Anyway, it’s early days yet. I’d be far more worried if teachers don’t feel the need to point out how others could teach better, and if Khan doesn’t take pedagogical criticisms seriously. A light-hearted comment from Hacker News sums this up best for me:

“This video is perfect as a Khan Academy parody—they just throw some shit together, and maybe it isn’t very good, but it’s better than nothing.”

Barack and Michelle:

But we only finished paying off our student loans—check this out, all right, I’m the President of the United States—we only finished paying off our student loans about eight years ago.

Wow. That makes me feel a lot better about the six-year scholarship bond I completed nearly two years ago.

Also, has someone made an audio loop out of “check this out, all right, I’m the President of the United States” yet?

A long, detailed piece on Stanford’s history, its ties with the valley, and some interesting remarks by former president Gerhard Casper challenging some of Hennessy’s decisions. OLD CODGER FUZZIE VS. OLD CODGER (with boring textbook) TECHIE FIGHT

Ah, Blackboard:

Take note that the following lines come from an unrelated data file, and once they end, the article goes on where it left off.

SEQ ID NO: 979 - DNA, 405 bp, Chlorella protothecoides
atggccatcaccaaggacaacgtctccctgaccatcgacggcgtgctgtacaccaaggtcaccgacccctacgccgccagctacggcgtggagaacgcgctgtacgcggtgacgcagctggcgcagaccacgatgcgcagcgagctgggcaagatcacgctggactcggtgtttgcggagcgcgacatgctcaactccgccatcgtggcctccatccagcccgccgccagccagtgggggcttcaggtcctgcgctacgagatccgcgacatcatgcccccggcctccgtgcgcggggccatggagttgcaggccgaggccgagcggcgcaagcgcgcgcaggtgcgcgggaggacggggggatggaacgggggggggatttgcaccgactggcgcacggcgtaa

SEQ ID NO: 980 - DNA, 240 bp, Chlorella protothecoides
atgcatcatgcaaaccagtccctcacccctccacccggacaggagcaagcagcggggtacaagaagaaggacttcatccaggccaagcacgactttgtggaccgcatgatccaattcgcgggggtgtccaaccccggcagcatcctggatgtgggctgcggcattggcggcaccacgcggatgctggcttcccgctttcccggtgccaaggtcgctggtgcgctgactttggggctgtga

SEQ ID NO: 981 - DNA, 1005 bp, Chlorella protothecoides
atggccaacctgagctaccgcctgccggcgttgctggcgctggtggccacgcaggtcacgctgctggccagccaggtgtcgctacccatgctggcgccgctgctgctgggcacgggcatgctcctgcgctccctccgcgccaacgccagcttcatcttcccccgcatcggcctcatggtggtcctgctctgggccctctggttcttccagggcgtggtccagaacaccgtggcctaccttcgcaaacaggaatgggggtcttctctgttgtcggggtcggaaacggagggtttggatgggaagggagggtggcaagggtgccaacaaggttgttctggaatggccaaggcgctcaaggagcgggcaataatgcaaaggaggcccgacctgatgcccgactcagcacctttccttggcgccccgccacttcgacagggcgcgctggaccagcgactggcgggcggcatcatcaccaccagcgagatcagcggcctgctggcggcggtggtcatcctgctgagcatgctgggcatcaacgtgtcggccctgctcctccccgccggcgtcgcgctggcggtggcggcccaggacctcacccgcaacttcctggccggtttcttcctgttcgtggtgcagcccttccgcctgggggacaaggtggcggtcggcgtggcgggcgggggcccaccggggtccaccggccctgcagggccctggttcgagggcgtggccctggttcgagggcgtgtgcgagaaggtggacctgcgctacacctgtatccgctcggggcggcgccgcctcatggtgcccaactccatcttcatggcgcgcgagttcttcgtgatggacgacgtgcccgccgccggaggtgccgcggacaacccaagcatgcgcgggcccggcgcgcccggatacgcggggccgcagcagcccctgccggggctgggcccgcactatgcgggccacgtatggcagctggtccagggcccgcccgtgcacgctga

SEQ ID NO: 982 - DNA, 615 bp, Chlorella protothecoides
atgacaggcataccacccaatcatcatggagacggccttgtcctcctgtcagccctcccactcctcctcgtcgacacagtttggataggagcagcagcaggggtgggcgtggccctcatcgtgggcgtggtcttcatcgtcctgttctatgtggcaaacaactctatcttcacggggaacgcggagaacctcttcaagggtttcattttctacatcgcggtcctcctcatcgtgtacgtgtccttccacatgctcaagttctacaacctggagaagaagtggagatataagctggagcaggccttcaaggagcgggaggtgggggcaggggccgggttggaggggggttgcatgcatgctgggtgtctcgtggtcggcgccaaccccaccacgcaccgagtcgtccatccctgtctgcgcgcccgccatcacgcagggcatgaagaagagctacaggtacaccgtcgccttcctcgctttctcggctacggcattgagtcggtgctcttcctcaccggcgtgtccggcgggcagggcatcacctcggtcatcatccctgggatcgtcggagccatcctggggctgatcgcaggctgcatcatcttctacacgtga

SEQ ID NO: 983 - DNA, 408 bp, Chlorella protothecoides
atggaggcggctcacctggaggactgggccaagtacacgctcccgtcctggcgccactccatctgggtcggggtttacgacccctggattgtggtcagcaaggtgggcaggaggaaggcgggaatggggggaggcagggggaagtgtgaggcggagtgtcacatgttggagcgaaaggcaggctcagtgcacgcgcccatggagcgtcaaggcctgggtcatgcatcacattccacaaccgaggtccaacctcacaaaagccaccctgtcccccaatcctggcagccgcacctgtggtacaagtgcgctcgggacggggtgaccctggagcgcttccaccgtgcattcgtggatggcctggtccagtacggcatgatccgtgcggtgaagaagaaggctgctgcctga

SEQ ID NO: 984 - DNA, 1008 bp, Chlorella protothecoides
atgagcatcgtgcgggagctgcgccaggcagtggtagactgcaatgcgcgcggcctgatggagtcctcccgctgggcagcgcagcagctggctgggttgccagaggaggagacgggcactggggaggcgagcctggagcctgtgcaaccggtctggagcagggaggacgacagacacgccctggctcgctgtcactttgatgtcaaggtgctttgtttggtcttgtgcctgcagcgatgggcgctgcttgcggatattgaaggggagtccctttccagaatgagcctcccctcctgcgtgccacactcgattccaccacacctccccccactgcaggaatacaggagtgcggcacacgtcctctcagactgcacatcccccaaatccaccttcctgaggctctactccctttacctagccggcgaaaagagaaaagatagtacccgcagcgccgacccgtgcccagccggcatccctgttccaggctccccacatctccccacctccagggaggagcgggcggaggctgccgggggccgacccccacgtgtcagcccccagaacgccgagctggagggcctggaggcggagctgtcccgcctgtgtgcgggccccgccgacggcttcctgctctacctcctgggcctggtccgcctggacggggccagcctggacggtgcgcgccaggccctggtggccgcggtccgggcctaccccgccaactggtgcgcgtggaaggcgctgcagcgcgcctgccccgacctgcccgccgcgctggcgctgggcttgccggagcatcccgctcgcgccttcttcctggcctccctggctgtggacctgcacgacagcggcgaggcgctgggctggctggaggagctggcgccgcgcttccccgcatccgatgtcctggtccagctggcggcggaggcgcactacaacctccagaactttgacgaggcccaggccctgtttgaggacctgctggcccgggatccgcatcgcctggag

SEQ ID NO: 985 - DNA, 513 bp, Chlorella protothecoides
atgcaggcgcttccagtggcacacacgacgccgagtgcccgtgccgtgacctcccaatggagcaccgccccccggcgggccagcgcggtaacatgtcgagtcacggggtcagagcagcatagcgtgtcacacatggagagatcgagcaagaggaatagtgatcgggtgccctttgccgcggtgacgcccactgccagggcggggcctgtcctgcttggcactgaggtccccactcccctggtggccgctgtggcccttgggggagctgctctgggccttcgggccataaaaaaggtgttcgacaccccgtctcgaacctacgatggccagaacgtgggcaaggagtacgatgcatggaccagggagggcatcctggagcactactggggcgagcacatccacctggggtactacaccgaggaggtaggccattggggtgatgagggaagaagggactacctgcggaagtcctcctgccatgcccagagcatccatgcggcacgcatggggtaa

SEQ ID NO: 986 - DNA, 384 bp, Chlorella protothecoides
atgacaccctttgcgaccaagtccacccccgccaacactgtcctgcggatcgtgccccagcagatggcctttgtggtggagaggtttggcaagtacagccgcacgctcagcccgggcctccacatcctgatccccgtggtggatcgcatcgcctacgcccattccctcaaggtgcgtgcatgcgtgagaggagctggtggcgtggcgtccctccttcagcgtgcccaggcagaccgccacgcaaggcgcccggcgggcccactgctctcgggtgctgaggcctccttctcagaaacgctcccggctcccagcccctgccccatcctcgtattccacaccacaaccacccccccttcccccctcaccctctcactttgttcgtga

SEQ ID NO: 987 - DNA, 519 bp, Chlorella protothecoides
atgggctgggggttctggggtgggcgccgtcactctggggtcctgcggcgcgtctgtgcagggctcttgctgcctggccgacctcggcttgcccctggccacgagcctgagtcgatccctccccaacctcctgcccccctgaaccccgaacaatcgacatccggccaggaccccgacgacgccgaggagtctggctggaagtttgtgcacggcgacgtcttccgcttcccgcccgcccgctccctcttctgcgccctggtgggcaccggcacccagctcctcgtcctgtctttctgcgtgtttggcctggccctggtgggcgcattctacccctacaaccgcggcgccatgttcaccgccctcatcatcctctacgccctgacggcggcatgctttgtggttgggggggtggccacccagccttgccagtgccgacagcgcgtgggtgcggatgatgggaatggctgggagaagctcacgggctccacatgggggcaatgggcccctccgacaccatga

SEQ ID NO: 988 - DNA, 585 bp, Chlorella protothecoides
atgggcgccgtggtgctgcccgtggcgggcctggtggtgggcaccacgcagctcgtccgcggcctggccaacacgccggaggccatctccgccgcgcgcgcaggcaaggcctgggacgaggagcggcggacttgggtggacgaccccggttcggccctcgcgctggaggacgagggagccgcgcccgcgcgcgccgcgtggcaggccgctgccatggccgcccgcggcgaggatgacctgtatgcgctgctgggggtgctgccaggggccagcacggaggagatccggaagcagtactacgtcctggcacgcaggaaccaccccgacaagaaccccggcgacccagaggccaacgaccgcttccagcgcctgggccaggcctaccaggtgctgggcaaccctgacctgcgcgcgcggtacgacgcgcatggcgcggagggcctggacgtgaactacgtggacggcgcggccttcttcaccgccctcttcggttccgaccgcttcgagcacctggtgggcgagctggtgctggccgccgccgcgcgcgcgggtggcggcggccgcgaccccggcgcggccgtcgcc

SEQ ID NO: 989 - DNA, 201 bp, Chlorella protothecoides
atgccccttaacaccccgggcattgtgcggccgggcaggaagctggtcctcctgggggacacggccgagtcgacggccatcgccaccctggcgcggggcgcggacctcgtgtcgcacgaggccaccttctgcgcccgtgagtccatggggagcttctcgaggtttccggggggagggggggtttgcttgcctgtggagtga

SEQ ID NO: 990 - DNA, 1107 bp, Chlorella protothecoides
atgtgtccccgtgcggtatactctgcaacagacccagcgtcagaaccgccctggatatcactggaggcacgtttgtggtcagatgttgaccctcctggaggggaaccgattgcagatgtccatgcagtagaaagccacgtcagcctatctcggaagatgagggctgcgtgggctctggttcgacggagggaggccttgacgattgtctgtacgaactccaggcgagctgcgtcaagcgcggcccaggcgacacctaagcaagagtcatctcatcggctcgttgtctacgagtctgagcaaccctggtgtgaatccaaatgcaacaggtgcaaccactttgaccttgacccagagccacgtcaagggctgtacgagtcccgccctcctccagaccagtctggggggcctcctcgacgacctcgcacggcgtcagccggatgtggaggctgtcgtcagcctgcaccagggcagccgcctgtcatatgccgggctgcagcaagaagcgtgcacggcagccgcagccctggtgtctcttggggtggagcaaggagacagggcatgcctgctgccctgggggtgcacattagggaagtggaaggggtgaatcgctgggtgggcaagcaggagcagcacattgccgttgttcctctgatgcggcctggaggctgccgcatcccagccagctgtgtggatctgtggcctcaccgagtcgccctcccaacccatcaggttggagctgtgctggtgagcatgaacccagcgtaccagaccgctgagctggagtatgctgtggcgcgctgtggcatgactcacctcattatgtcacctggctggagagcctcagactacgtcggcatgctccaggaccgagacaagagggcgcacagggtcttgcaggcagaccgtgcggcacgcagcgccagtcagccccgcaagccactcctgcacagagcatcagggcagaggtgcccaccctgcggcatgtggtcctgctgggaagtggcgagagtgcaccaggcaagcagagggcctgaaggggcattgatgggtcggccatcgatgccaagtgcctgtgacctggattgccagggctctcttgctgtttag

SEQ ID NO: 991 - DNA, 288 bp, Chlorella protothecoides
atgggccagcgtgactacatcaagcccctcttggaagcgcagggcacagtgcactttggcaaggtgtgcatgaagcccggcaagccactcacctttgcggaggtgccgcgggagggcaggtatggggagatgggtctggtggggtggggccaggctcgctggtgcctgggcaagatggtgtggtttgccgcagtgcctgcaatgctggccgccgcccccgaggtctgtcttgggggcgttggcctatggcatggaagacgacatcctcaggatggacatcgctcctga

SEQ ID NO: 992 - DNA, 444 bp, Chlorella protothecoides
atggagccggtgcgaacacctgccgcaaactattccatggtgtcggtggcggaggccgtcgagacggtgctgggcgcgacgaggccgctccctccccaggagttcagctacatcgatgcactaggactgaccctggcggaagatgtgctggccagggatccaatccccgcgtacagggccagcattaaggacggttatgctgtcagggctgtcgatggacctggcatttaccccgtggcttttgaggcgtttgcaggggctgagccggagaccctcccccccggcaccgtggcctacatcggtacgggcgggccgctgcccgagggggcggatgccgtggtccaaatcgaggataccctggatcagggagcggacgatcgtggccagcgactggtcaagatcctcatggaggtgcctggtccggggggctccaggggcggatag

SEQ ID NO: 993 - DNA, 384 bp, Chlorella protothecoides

Short version: I love CUNY and I love public education. Blackboard is a parasite on both. Writing free software is the best way I know to disrupt the awful relationship between companies like Blackboard and vulnerable populations like CUNY undergraduates.

Siew Kum Hong makes an impassioned commentary on higher education progression in Singapore:

According to the Heritage Foundation, Singapore has the second freest economy in the world (after Hong Kong). But there is one aspect of Singapore that has always felt to me like a command economy: the way the Government tries to calibrate supply and demand in higher education.


This is the sort of misguided social engineering that leaves a bad taste in many Singaporeans’ mouths. It stems from a fundamentally-misconceived view of higher education as being a means to the end of creating people to fill the jobs out there.

(This is over a recent statement by Minister of State for Education Lawrence Wong, who when asked if there would be more places for ITE students available in the polytechnics, noted that there would not be enough ITE graduates if everyone made it to poly.)

A good read. As much as I feel for my ex-colleagues who have to defend such positions (and yes, I used to be a small part of this “calibration process”, so I would have had to do the same), I hope views like this take deep enough root in the public consciousness for our political leaders to notice, and to strongly consider decoupling higher education progression from “manpower planning”. (See this parliamentary reply for a taste of what goes into planning higher education places.)

High school introduces iPads for everyone, parents get annoyed, tell media gems such as the following:

Mr Lim said he was told at the briefing that in school, cyber wellness was the teachers’ responsibility.

But at home, it would be the parents’.

He asked: “Why is the school giving me additional things to do?”

Great, now I have an additional thing to do: hunt this parent down and slap him on the head.